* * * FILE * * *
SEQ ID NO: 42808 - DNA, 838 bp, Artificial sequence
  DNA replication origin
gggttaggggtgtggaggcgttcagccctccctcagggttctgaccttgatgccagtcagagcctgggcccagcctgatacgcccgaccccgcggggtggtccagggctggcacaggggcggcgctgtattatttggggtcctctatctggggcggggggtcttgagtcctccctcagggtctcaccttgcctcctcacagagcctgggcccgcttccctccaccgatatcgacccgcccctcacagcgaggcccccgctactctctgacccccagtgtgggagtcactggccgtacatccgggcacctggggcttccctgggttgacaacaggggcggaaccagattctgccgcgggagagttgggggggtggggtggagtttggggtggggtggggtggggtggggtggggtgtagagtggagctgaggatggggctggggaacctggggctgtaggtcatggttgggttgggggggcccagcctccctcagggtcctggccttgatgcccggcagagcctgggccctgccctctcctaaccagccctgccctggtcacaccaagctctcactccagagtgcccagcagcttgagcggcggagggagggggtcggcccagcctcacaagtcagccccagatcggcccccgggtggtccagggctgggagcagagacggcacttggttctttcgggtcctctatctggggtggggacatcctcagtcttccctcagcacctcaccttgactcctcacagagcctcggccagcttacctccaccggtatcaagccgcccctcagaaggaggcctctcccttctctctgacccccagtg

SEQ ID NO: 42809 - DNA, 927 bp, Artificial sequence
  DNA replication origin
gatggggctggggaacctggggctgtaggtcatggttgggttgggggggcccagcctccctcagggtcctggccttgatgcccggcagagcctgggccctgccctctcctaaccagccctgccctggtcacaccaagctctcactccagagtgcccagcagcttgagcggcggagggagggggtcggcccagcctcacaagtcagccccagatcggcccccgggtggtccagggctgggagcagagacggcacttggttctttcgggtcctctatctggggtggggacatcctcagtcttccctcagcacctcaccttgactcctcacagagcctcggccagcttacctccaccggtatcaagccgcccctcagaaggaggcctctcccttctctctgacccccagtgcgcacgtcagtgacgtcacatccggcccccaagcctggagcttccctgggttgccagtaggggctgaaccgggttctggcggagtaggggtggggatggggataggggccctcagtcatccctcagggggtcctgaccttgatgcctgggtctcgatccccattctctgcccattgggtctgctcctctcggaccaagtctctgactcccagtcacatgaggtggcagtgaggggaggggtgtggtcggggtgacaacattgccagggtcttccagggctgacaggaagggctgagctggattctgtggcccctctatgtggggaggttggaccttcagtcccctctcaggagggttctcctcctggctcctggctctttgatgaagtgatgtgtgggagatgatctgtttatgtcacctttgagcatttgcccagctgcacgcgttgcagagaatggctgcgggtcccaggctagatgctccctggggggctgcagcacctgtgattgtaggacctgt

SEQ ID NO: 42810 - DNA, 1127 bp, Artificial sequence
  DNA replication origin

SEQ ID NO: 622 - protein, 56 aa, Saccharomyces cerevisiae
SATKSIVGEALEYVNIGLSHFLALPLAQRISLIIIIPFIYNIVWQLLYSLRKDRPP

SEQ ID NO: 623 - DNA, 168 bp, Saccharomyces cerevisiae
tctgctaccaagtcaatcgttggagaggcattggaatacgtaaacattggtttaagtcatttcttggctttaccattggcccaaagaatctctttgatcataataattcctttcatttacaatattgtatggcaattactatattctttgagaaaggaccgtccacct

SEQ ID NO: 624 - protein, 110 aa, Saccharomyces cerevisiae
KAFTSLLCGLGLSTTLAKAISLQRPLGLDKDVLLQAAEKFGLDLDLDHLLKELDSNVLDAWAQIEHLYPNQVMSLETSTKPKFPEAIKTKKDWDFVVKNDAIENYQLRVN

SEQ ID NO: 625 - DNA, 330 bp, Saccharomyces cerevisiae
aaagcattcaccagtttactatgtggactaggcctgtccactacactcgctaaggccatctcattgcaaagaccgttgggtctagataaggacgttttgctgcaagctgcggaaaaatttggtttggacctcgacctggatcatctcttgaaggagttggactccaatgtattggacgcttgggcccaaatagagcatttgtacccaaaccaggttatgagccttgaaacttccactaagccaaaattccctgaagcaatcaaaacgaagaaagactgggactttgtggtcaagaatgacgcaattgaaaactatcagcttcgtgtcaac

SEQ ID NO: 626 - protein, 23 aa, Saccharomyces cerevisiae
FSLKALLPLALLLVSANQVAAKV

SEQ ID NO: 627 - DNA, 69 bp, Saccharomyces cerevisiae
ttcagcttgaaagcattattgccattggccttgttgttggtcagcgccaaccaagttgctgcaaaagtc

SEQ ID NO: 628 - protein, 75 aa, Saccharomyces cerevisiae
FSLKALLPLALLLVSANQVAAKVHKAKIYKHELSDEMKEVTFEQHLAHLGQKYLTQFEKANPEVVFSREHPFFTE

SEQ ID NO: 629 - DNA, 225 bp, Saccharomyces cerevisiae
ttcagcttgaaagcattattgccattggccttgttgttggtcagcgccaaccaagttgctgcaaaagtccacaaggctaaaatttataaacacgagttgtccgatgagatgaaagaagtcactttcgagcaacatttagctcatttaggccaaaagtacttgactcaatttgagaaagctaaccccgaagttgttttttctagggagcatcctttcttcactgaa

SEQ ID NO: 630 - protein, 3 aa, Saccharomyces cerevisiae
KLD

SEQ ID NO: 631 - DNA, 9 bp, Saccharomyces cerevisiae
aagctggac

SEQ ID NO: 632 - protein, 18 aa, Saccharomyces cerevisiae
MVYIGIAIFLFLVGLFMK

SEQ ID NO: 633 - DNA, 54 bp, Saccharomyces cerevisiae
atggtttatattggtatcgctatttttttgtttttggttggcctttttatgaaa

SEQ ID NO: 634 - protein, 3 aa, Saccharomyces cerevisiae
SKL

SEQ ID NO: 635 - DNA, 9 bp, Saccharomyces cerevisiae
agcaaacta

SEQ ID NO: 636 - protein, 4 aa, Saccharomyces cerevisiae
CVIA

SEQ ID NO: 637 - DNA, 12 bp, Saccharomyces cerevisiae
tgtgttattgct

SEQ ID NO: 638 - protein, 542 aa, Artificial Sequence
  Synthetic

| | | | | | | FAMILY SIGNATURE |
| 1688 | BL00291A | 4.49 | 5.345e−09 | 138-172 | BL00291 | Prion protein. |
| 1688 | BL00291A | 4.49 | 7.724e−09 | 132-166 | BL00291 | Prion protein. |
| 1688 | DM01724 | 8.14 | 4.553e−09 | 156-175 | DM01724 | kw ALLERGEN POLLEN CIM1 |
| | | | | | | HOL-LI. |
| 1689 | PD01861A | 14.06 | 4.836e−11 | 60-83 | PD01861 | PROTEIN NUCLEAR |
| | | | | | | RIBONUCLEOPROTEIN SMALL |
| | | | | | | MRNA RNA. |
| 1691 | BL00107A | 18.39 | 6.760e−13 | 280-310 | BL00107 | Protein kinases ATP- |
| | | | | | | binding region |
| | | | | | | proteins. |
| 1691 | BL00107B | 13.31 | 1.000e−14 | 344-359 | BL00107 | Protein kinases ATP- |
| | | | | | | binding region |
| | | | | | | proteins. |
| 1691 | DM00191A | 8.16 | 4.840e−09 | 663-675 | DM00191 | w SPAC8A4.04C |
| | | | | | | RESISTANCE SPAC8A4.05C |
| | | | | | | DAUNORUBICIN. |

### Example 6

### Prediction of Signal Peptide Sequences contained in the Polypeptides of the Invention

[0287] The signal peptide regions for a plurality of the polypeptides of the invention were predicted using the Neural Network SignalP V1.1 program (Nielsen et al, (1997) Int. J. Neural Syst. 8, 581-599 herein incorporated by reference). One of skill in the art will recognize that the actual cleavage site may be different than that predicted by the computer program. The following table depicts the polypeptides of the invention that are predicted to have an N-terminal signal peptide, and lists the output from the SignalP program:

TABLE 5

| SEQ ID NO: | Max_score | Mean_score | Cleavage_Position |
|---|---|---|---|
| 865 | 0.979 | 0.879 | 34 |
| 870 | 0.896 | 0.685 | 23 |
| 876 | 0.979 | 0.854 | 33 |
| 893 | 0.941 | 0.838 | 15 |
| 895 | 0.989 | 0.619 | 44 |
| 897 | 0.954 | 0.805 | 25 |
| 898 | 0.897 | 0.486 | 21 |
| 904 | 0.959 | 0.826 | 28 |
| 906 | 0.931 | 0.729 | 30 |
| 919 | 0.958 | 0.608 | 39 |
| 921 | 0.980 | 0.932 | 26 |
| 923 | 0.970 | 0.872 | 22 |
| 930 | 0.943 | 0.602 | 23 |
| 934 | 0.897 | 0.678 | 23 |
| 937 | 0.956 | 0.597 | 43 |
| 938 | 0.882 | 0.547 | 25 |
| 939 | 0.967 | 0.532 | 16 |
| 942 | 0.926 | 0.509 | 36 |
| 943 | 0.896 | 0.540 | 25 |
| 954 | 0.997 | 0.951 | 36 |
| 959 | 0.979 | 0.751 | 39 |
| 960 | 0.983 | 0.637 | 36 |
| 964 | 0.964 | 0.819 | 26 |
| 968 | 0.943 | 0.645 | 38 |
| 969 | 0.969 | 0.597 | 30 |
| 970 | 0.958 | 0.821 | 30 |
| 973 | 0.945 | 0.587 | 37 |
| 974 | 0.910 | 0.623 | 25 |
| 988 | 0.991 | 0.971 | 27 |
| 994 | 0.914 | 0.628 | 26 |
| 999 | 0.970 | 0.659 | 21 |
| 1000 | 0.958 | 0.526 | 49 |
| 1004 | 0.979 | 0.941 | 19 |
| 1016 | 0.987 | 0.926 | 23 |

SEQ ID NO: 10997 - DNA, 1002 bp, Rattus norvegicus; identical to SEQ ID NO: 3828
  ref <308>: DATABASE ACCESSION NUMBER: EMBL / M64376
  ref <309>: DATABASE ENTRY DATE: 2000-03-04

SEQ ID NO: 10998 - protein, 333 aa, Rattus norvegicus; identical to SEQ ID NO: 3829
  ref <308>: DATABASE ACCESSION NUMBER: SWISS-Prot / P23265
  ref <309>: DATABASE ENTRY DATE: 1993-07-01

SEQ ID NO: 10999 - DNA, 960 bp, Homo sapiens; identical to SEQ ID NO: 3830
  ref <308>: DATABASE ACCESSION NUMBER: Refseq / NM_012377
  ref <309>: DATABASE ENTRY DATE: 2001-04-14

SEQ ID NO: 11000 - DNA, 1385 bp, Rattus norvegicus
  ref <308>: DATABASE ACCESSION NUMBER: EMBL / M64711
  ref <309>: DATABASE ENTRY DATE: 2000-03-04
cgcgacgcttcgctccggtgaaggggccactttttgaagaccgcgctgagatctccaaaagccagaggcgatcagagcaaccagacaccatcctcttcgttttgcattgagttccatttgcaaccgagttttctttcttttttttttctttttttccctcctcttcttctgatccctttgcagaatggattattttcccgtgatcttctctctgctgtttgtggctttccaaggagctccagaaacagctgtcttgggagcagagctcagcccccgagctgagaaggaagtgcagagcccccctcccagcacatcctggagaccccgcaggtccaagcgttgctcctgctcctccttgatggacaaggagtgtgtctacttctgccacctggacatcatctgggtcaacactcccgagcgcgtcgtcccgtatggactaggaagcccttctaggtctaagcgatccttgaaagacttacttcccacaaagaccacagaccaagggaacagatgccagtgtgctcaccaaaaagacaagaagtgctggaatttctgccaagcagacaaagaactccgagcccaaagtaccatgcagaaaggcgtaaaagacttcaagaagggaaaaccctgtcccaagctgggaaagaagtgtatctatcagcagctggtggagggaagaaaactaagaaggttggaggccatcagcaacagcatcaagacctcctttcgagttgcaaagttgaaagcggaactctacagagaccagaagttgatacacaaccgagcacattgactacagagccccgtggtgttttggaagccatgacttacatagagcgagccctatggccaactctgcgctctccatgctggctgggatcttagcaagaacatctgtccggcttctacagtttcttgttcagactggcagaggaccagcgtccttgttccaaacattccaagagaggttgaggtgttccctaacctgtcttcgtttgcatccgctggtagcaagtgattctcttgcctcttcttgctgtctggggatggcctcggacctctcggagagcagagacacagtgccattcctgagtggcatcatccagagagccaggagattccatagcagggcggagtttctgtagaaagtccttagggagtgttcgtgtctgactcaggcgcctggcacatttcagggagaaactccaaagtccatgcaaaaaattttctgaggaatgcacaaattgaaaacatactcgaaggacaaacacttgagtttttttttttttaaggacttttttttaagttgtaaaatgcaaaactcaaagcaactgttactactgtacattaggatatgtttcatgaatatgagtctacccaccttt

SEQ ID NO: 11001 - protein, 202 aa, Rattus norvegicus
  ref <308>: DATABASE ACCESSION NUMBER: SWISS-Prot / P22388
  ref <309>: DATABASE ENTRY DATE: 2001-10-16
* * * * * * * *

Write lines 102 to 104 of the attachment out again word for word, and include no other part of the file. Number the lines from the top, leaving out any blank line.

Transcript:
  ref <309>: DATABASE ENTRY DATE: 2000-03-04

SEQ ID NO: 10998 - protein, 333 aa, Rattus norvegicus; identical to SEQ ID NO: 3829
  ref <308>: DATABASE ACCESSION NUMBER: SWISS-Prot / P23265